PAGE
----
To generate enough jobs for its youth, India needs to reignite private investment. But while World Bank studies point to India becoming a less difficult country in which to do business, enforcing contracts remains very difficult, and land acquisition is complicated. 

And while too many Indians struggle to find work, more than 80% of those employed work in the informal sector, meaning that they have no contract, and they are not covered by labor laws or social security.  

Strict and complex labor regulations are an impediment to the creation of more formal employment. India’s neighbors of Bangladesh, Pakistan and Sri Lanka outperform India in the creation of formal employment.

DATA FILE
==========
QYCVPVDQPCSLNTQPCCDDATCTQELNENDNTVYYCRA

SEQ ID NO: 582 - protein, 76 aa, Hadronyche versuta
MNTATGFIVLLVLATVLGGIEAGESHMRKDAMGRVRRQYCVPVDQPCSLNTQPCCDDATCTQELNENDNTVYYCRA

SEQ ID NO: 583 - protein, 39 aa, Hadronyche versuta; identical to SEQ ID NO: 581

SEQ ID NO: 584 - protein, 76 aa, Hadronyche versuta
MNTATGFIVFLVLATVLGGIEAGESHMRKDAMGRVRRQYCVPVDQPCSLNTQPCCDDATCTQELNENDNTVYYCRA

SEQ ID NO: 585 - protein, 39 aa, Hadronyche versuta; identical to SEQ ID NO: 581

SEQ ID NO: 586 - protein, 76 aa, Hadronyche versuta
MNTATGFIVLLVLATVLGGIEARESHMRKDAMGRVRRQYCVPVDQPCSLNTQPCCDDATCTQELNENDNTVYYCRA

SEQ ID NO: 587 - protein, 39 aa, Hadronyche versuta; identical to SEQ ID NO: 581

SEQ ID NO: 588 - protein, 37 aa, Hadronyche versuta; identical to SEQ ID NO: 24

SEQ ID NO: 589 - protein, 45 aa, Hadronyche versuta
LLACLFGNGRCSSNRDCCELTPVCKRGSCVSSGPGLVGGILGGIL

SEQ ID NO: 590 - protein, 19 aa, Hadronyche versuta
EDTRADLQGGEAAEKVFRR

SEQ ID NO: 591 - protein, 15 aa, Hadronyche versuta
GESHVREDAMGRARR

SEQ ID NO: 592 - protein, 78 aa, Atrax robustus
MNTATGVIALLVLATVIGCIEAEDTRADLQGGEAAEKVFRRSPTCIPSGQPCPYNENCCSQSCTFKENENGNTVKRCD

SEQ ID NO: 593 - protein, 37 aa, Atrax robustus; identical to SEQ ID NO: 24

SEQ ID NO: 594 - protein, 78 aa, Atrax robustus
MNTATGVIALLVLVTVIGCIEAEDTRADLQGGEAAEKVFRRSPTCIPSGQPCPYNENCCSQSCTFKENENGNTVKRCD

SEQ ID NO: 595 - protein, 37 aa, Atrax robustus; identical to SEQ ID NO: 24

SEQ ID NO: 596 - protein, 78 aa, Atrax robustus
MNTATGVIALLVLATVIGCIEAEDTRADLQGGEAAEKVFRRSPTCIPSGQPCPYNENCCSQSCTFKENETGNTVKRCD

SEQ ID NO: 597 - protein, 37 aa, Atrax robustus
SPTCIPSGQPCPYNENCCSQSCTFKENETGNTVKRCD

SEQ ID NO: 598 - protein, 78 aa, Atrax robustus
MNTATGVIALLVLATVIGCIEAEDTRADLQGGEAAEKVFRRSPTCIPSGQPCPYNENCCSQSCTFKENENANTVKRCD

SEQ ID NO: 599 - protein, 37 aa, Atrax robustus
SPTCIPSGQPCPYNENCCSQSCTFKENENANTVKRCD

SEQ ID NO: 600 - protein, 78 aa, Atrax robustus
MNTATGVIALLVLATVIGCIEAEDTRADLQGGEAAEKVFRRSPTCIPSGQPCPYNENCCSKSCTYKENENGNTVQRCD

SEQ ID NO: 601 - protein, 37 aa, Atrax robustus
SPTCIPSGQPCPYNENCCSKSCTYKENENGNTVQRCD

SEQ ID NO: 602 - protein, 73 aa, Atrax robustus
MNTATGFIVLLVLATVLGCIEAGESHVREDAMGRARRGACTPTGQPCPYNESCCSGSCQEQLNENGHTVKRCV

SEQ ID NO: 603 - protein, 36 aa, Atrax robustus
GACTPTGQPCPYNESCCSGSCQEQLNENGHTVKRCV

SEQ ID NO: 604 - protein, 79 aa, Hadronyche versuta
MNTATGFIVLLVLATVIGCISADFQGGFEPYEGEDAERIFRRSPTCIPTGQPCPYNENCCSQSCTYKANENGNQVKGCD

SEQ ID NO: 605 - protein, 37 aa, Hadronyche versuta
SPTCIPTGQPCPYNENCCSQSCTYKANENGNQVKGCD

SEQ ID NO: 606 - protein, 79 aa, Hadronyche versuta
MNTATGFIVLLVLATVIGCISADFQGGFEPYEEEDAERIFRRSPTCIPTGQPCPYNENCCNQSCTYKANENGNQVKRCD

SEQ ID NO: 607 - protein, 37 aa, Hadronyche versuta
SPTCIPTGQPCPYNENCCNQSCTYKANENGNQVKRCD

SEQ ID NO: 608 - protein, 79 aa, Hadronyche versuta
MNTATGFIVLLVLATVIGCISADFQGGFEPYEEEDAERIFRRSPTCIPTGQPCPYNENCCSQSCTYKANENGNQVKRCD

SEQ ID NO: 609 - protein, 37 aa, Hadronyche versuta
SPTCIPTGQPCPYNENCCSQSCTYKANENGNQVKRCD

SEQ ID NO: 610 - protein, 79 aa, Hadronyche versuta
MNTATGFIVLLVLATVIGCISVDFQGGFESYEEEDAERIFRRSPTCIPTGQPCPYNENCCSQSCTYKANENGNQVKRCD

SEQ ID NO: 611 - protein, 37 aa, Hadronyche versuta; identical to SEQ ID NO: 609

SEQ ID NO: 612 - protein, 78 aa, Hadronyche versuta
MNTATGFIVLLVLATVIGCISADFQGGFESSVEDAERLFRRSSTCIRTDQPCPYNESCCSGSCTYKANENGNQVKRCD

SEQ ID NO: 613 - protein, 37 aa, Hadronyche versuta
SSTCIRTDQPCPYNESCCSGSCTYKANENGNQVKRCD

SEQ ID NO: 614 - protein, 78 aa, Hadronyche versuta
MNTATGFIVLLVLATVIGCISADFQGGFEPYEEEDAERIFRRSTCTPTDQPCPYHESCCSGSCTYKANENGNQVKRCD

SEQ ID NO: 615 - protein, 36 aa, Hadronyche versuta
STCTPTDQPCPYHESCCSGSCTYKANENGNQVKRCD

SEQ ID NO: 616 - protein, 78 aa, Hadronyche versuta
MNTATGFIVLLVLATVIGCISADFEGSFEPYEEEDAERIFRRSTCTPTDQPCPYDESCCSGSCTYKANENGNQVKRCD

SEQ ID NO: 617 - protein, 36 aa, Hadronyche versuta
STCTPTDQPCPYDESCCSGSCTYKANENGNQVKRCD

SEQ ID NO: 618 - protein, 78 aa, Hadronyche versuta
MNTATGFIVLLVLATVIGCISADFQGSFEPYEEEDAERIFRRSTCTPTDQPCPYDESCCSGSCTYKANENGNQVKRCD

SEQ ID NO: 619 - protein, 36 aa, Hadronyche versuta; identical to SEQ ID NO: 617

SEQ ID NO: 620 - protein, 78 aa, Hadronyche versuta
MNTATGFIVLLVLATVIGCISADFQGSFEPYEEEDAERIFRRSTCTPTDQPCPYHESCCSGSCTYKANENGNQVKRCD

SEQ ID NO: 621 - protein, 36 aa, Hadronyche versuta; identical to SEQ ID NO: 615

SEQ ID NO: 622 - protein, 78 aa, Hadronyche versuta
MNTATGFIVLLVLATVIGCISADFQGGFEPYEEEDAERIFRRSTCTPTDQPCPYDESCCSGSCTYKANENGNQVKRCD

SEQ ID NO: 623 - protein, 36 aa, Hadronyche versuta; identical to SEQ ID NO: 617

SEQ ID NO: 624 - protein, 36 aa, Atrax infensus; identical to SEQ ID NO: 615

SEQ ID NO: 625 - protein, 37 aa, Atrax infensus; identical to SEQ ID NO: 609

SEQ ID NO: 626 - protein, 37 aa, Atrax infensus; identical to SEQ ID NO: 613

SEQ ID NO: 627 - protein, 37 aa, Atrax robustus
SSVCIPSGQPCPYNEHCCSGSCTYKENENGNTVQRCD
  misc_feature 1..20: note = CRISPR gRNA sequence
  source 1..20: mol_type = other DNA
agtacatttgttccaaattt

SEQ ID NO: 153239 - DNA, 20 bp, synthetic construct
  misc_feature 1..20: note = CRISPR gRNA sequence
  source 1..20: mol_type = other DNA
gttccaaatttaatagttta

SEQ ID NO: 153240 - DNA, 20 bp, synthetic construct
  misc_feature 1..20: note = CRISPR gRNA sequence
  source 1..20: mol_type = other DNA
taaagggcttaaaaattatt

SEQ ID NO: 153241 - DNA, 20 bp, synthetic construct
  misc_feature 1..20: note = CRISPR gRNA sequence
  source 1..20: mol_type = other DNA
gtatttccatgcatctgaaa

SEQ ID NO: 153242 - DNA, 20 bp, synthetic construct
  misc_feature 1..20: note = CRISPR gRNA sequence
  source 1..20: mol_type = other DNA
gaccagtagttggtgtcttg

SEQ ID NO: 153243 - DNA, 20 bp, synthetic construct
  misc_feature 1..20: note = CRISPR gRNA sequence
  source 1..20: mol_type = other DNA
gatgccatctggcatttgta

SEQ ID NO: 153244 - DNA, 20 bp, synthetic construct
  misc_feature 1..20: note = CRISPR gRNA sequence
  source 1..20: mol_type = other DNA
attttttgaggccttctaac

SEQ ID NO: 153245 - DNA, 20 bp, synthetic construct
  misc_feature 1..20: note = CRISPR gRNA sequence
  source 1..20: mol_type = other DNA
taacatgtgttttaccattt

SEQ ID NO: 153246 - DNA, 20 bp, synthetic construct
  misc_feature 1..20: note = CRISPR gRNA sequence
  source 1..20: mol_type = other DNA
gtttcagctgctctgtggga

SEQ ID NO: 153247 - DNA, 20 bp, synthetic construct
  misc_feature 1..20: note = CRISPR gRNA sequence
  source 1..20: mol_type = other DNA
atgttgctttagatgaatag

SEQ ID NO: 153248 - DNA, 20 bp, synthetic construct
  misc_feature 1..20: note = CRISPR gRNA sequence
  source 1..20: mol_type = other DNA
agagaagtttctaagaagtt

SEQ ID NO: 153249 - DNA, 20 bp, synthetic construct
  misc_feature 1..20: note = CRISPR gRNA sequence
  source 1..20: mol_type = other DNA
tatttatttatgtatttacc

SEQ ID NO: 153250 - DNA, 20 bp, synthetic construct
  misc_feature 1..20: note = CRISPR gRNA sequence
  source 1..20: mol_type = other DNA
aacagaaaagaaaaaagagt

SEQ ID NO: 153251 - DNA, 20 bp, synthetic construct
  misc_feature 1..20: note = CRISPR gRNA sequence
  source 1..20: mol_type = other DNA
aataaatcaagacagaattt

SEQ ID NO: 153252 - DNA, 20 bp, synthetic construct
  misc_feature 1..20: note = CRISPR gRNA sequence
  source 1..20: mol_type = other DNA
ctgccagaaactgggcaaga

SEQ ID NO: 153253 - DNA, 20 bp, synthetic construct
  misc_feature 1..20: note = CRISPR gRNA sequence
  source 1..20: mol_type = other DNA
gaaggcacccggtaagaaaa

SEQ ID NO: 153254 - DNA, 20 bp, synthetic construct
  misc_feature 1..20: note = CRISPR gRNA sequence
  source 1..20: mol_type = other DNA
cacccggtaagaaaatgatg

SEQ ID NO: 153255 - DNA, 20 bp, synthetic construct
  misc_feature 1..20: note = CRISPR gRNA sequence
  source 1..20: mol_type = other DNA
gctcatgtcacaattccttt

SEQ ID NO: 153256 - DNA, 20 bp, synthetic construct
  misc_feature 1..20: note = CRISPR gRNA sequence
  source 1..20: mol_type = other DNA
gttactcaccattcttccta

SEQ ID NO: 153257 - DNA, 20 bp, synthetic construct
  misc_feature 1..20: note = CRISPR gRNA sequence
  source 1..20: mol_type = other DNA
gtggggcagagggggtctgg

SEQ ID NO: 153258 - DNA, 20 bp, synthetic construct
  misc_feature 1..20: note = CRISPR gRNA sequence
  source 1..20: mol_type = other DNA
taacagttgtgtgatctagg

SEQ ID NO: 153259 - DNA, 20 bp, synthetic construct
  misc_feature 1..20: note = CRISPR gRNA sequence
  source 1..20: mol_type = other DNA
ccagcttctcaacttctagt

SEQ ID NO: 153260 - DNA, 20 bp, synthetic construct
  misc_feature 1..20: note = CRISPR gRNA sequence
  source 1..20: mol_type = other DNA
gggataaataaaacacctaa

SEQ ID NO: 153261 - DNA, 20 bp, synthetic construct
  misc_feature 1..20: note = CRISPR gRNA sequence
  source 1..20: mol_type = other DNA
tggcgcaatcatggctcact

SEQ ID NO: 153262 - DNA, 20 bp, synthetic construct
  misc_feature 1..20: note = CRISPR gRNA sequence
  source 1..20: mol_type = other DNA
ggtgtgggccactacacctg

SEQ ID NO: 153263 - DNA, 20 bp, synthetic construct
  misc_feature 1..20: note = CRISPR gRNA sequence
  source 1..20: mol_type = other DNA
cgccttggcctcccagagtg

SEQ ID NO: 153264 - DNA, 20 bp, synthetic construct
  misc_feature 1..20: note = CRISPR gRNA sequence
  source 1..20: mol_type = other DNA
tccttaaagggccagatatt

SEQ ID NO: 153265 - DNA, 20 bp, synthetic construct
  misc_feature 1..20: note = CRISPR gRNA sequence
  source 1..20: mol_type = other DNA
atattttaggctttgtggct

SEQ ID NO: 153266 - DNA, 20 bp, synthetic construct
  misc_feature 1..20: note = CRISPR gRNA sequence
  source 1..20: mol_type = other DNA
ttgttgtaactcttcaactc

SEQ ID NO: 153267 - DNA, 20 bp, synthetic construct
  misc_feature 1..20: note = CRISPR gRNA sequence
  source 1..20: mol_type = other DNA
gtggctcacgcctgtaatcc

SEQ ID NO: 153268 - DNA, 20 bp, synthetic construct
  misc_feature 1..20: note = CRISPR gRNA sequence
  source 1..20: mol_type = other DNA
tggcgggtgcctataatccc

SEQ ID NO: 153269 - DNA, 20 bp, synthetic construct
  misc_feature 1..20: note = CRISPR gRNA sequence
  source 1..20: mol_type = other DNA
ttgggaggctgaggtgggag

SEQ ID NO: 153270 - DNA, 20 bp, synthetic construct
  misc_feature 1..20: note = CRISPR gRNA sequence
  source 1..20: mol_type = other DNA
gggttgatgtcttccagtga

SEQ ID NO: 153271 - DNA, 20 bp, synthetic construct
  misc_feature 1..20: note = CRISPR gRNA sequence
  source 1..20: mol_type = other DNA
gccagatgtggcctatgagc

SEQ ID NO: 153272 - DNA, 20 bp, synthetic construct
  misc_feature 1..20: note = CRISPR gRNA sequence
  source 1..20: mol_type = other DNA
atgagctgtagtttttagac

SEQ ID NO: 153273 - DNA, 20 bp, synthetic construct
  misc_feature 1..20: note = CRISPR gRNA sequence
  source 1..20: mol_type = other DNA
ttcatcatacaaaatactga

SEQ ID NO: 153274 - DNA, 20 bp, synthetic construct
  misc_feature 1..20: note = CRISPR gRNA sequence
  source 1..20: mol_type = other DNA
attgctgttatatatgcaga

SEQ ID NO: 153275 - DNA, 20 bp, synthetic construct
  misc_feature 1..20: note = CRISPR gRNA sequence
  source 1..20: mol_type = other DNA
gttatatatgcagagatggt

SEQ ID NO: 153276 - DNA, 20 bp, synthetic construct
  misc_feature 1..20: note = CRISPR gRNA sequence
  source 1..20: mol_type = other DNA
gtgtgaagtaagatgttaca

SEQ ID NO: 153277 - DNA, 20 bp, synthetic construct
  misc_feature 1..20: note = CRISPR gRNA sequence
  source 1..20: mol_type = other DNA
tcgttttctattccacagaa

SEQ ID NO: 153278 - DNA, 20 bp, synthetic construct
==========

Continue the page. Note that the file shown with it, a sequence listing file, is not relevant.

India’s Quality of Life Is Lower Than Bangladesh’s

Despite decades of solid growth, India’s record in poverty reduction has been modest. Based on a poverty line of $1.90 a day, poverty fell from 46% of the population in 1993 to 21% in 2011. But if you consider living on less than $5.50 a day to be living in poverty, over the same period, the share of the population in poverty only fell from 95% to 87%.  

Whichever way you look at it, most Indians are living in or near poverty. Astonishingly, Bangladesh, a country with a lower GDP per capita, has slightly lower poverty than India. The problem is that inequality is endemic in India. The richest 1% of Indians hold more than half of the country’s wealth.

India’s social drama goes beyond mere poverty. Out of the 10 cities most affected by air pollution in the world, as measured by the concentration of fine particulates, nine are Indian! And almost 820,000 Indians died prematurely in 2017 because of outdoor pollution, about 23% more than five years earlier. The OECD reports that the welfare cost of premature mortality alone is 7% of GDP annually for outdoor air pollution and 4.2% for indoor air pollution.